Why You May Need to Be Wary of Certain Trees in Your Back Garden
If you've just moved into a property that has a number of mature trees in the back garden, you may be wondering how they will affect your property as time goes by. Do you need to be concerned about these trees and wonder whether they will cause any damage? Read on to learn more.
Why Some Trees Are Problematic
Firstly, trees are generally a very important part of everyday life and care should be taken to look after them where all possible. For example, they provide valuable oxygen, can help to shade your property, keep utility bills down and can be very pleasant to look at. Some species, however, are not suitable when placed in close proximity to a house. This is because certain species may need a considerable amount of room beneath the ground in order to thrive and will create an aggressive group structure.
Other species require a lot of moisture in order to live and if placed near to a property can cause damage to the foundations of a building. In addition, any sewer pipes or underground installations nearby can be damaged. Any boundary walls or paths in the garden can also be lifted up, as the root structure finds all available room that is needed in order to grow properly.
In particular, the roots of a water-seeking tree will often purposefully search out areas beneath any pavement, as the environment here tends to be cooler and more acceptable for growth. This is because the paver itself will tend to reflect the heat of the sun, while ordinary soil will tend to absorb it. The root system will also tend to seek out moisture that may form on the outside of sewer or water pipes. As the root structure gradually grows damage to these pipes is almost unavoidable.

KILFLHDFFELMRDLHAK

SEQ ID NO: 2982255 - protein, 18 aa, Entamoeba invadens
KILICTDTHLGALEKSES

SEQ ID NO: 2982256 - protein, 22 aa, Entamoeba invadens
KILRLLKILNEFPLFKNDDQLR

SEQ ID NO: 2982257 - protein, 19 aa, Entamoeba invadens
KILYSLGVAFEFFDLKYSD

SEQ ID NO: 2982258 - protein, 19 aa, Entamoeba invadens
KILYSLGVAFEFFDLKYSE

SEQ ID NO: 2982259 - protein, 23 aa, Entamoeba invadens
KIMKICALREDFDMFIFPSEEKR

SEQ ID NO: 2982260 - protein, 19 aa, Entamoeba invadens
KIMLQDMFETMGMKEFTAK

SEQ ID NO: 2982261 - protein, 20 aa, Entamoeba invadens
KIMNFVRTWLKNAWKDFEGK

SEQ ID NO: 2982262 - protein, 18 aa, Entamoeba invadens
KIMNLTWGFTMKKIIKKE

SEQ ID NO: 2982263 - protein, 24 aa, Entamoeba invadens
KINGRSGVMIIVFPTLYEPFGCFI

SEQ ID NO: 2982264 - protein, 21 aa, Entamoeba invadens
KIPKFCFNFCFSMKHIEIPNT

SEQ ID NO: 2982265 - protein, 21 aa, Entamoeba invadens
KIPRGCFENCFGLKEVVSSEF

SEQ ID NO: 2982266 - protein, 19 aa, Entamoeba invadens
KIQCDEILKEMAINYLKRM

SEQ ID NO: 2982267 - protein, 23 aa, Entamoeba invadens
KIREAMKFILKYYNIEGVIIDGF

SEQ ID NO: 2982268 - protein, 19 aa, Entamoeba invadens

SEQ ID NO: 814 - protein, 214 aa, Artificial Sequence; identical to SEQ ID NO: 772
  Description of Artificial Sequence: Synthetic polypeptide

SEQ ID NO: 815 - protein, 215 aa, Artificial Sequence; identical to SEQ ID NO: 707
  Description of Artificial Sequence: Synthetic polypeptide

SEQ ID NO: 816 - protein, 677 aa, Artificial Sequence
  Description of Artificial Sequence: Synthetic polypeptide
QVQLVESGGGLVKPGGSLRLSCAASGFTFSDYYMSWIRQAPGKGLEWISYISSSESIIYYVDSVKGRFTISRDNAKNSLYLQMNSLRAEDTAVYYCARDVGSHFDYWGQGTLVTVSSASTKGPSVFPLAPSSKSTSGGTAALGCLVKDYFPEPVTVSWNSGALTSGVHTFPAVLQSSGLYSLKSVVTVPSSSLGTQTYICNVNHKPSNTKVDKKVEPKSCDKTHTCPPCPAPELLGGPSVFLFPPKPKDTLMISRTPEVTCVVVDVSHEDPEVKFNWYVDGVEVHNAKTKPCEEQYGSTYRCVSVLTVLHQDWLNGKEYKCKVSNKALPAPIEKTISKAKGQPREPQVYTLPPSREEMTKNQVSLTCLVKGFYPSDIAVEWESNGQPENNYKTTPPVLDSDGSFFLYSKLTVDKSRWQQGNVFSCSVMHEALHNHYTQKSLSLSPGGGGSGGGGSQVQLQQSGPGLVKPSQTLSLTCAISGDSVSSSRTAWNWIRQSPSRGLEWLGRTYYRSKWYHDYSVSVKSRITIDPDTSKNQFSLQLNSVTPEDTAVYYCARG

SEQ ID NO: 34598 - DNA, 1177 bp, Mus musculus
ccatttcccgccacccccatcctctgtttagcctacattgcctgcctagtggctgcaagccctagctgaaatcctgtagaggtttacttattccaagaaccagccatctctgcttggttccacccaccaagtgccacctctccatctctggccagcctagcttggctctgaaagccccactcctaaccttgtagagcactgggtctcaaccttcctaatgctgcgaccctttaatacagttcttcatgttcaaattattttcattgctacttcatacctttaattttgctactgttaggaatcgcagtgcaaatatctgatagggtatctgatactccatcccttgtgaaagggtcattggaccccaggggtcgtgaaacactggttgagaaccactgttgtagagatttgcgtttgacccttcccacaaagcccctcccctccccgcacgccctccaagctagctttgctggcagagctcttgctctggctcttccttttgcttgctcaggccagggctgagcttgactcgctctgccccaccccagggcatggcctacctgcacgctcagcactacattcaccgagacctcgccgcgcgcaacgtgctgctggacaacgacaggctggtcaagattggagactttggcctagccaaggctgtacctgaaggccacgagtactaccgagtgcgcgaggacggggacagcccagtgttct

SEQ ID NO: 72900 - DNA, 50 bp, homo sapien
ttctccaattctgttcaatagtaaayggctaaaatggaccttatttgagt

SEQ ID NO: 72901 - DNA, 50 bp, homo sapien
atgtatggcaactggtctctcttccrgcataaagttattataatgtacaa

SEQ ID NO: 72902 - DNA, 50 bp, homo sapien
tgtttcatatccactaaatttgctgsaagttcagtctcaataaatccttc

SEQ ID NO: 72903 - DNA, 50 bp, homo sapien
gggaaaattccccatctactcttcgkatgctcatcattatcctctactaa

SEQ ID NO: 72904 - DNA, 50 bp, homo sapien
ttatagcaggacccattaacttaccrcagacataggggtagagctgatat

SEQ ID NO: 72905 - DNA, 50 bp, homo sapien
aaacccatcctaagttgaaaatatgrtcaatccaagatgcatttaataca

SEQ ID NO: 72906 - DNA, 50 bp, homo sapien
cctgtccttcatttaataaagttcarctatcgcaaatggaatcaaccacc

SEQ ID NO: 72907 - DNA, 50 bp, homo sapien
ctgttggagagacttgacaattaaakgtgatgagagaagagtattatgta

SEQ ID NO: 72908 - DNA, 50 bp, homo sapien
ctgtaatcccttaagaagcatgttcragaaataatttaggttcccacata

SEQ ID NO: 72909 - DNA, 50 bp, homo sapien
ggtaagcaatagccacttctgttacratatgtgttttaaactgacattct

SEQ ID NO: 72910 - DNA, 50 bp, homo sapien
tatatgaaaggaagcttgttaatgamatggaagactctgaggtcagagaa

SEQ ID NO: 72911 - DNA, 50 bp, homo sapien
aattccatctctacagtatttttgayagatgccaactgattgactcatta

What Types of Tree Should Be Avoided?
Generally speaking, any rubber tree or ornamental figs should be removed, as they have especially large anchoring root systems and will need a lot of uninhibited room in order to grow. On the other hand, species such as the weeping willow, or the black poplar need a great deal of moisture in order to thrive and their root systems will certainly seek out underground pipes, or any areas beneath paving stones in order to grow.
if you're unable to identify the species of tree in your back garden, call in in an arborist to help you. A tree removal specialist such as Dowling Tree Services will be able to help you, should you need to make any changes to your landscape.